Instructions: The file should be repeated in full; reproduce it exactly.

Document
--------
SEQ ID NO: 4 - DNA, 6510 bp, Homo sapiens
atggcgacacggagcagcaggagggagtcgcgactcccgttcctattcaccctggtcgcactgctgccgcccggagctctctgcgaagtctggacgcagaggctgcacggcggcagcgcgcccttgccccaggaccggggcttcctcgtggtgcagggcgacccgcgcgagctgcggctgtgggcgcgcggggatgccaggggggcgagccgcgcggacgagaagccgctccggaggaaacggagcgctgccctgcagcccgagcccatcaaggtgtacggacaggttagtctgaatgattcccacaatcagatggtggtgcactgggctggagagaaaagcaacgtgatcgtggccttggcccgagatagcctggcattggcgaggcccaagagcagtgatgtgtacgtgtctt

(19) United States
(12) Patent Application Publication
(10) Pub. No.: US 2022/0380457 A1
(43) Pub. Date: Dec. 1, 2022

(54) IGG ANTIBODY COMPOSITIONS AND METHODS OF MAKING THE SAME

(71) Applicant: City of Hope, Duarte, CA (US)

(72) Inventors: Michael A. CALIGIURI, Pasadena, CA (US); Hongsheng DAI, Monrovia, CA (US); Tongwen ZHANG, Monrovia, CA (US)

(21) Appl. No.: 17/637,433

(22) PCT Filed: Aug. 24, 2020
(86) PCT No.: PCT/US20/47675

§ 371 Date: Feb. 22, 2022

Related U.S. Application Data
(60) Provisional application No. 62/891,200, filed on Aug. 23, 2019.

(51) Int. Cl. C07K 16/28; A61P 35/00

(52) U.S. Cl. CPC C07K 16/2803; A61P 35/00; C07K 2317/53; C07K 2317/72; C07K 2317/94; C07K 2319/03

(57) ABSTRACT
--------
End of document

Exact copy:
SEQ ID NO: 4 - DNA, 6510 bp, Homo sapiens
atggcgacacggagcagcaggagggagtcgcgactcccgttcctattcaccctggtcgcactgctgccgcccggagctctctgcgaagtctggacgcagaggctgcacggcggcagcgcgcccttgccccaggaccggggcttcctcgtggtgcagggcgacccgcgcgagctgcggctgtgggcgcgcggggatgccaggggggcgagccgcgcggacgagaagccgctccggaggaaacggagcgctgccctgcagcccgagcccatcaaggtgtacggacaggttagtctgaatgattcccacaatcagatggtggtgcactgggctggagagaaaagcaacgtgatcgtggccttggcccgagatagcctggcattggcgaggcccaagagcagtgatgtgtacgtgtctt

(19) United States
(12) Patent Application Publication
(10) Pub. No.: US 2022/0380457 A1
(43) Pub. Date: Dec. 1, 2022

(54) IGG ANTIBODY COMPOSITIONS AND METHODS OF MAKING THE SAME

(71) Applicant: City of Hope, Duarte, CA (US)

(72) Inventors: Michael A. CALIGIURI, Pasadena, CA (US); Hongsheng DAI, Monrovia, CA (US); Tongwen ZHANG, Monrovia, CA (US)

(21) Appl. No.: 17/637,433

(22) PCT Filed: Aug. 24, 2020
(86) PCT No.: PCT/US20/47675

§ 371 Date: Feb. 22, 2022

Related U.S. Application Data
(60) Provisional application No. 62/891,200, filed on Aug. 23, 2019.

(51) Int. Cl. C07K 16/28; A61P 35/00

(52) U.S. Cl. CPC C07K 16/2803; A61P 35/00; C07K 2317/53; C07K 2317/72; C07K 2317/94; C07K 2319/03

(57) ABSTRACT